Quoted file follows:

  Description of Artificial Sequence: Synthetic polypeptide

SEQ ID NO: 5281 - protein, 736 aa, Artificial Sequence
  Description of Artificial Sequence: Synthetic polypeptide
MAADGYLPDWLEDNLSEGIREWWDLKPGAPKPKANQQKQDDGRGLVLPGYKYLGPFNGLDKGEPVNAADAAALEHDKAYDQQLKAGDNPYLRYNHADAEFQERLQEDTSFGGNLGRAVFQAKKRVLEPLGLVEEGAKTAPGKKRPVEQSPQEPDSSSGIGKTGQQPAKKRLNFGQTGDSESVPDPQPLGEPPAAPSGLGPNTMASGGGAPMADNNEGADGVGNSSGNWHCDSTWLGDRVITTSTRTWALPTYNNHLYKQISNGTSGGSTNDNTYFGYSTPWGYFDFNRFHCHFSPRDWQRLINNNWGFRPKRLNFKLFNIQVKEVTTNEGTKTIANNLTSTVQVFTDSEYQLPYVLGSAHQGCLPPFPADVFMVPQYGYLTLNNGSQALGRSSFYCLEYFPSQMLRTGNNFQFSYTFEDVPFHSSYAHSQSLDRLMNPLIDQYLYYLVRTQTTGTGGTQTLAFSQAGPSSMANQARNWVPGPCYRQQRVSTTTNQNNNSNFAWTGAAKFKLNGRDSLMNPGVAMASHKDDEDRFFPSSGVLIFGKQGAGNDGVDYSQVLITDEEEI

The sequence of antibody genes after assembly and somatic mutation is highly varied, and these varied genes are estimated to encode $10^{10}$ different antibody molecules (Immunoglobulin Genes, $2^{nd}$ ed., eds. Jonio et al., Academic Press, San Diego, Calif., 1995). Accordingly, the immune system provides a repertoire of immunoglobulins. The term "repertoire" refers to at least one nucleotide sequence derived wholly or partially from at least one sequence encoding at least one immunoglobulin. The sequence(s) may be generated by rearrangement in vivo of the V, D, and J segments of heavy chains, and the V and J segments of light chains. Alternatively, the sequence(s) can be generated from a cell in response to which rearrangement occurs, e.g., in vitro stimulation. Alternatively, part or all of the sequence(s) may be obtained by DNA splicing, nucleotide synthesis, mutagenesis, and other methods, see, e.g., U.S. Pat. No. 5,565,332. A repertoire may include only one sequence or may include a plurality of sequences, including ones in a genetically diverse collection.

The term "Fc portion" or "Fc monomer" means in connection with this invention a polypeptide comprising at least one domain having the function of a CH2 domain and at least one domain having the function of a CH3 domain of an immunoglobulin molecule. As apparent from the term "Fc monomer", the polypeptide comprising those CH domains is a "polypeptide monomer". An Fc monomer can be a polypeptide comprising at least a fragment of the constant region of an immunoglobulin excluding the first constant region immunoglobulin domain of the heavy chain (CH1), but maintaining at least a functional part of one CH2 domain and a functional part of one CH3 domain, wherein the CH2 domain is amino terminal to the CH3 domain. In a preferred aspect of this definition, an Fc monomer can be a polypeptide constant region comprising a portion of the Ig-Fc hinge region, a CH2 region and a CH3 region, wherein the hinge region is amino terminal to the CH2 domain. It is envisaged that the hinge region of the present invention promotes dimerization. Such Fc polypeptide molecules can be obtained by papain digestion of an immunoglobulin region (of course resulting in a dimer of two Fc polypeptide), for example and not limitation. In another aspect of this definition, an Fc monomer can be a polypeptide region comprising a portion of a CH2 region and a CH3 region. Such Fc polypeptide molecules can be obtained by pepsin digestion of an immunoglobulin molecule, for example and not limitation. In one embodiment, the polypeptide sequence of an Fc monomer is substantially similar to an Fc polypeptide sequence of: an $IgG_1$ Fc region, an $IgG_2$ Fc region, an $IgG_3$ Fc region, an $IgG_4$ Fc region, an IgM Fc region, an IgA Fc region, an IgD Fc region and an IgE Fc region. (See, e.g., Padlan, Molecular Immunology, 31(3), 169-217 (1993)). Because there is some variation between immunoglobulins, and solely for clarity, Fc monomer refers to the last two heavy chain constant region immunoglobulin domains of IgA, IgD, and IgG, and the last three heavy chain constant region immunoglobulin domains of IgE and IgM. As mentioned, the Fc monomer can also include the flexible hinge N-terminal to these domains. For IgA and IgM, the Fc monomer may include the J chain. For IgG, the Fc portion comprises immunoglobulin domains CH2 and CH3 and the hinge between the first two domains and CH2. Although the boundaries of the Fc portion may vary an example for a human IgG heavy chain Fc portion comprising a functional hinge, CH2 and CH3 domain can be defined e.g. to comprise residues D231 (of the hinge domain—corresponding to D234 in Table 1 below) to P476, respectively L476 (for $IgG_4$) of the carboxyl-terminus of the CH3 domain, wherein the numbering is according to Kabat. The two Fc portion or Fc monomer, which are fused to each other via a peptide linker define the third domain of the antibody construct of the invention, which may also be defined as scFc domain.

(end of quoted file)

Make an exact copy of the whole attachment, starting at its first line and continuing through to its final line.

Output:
  Description of Artificial Sequence: Synthetic polypeptide

SEQ ID NO: 5281 - protein, 736 aa, Artificial Sequence
  Description of Artificial Sequence: Synthetic polypeptide
MAADGYLPDWLEDNLSEGIREWWDLKPGAPKPKANQQKQDDGRGLVLPGYKYLGPFNGLDKGEPVNAADAAALEHDKAYDQQLKAGDNPYLRYNHADAEFQERLQEDTSFGGNLGRAVFQAKKRVLEPLGLVEEGAKTAPGKKRPVEQSPQEPDSSSGIGKTGQQPAKKRLNFGQTGDSESVPDPQPLGEPPAAPSGLGPNTMASGGGAPMADNNEGADGVGNSSGNWHCDSTWLGDRVITTSTRTWALPTYNNHLYKQISNGTSGGSTNDNTYFGYSTPWGYFDFNRFHCHFSPRDWQRLINNNWGFRPKRLNFKLFNIQVKEVTTNEGTKTIANNLTSTVQVFTDSEYQLPYVLGSAHQGCLPPFPADVFMVPQYGYLTLNNGSQALGRSSFYCLEYFPSQMLRTGNNFQFSYTFEDVPFHSSYAHSQSLDRLMNPLIDQYLYYLVRTQTTGTGGTQTLAFSQAGPSSMANQARNWVPGPCYRQQRVSTTTNQNNNSNFAWTGAAKFKLNGRDSLMNPGVAMASHKDDEDRFFPSSGVLIFGKQGAGNDGVDYSQVLITDEEEI

The sequence of antibody genes after assembly and somatic mutation is highly varied, and these varied genes are estimated to encode $10^{10}$ different antibody molecules (Immunoglobulin Genes, $2^{nd}$ ed., eds. Jonio et al., Academic Press, San Diego, Calif., 1995). Accordingly, the immune system provides a repertoire of immunoglobulins. The term "repertoire" refers to at least one nucleotide sequence derived wholly or partially from at least one sequence encoding at least one immunoglobulin. The sequence(s) may be generated by rearrangement in vivo of the V, D, and J segments of heavy chains, and the V and J segments of light chains. Alternatively, the sequence(s) can be generated from a cell in response to which rearrangement occurs, e.g., in vitro stimulation. Alternatively, part or all of the sequence(s) may be obtained by DNA splicing, nucleotide synthesis, mutagenesis, and other methods, see, e.g., U.S. Pat. No. 5,565,332. A repertoire may include only one sequence or may include a plurality of sequences, including ones in a genetically diverse collection.

The term "Fc portion" or "Fc monomer" means in connection with this invention a polypeptide comprising at least one domain having the function of a CH2 domain and at least one domain having the function of a CH3 domain of an immunoglobulin molecule. As apparent from the term "Fc monomer", the polypeptide comprising those CH domains is a "polypeptide monomer". An Fc monomer can be a polypeptide comprising at least a fragment of the constant region of an immunoglobulin excluding the first constant region immunoglobulin domain of the heavy chain (CH1), but maintaining at least a functional part of one CH2 domain and a functional part of one CH3 domain, wherein the CH2 domain is amino terminal to the CH3 domain. In a preferred aspect of this definition, an Fc monomer can be a polypeptide constant region comprising a portion of the Ig-Fc hinge region, a CH2 region and a CH3 region, wherein the hinge region is amino terminal to the CH2 domain. It is envisaged that the hinge region of the present invention promotes dimerization. Such Fc polypeptide molecules can be obtained by papain digestion of an immunoglobulin region (of course resulting in a dimer of two Fc polypeptide), for example and not limitation. In another aspect of this definition, an Fc monomer can be a polypeptide region comprising a portion of a CH2 region and a CH3 region. Such Fc polypeptide molecules can be obtained by pepsin digestion of an immunoglobulin molecule, for example and not limitation. In one embodiment, the polypeptide sequence of an Fc monomer is substantially similar to an Fc polypeptide sequence of: an $IgG_1$ Fc region, an $IgG_2$ Fc region, an $IgG_3$ Fc region, an $IgG_4$ Fc region, an IgM Fc region, an IgA Fc region, an IgD Fc region and an IgE Fc region. (See, e.g., Padlan, Molecular Immunology, 31(3), 169-217 (1993)). Because there is some variation between immunoglobulins, and solely for clarity, Fc monomer refers to the last two heavy chain constant region immunoglobulin domains of IgA, IgD, and IgG, and the last three heavy chain constant region immunoglobulin domains of IgE and IgM. As mentioned, the Fc monomer can also include the flexible hinge N-terminal to these domains. For IgA and IgM, the Fc monomer may include the J chain. For IgG, the Fc portion comprises immunoglobulin domains CH2 and CH3 and the hinge between the first two domains and CH2. Although the boundaries of the Fc portion may vary an example for a human IgG heavy chain Fc portion comprising a functional hinge, CH2 and CH3 domain can be defined e.g. to comprise residues D231 (of the hinge domain—corresponding to D234 in Table 1 below) to P476, respectively L476 (for $IgG_4$) of the carboxyl-terminus of the CH3 domain, wherein the numbering is according to Kabat. The two Fc portion or Fc monomer, which are fused to each other via a peptide linker define the third domain of the antibody construct of the invention, which may also be defined as scFc domain.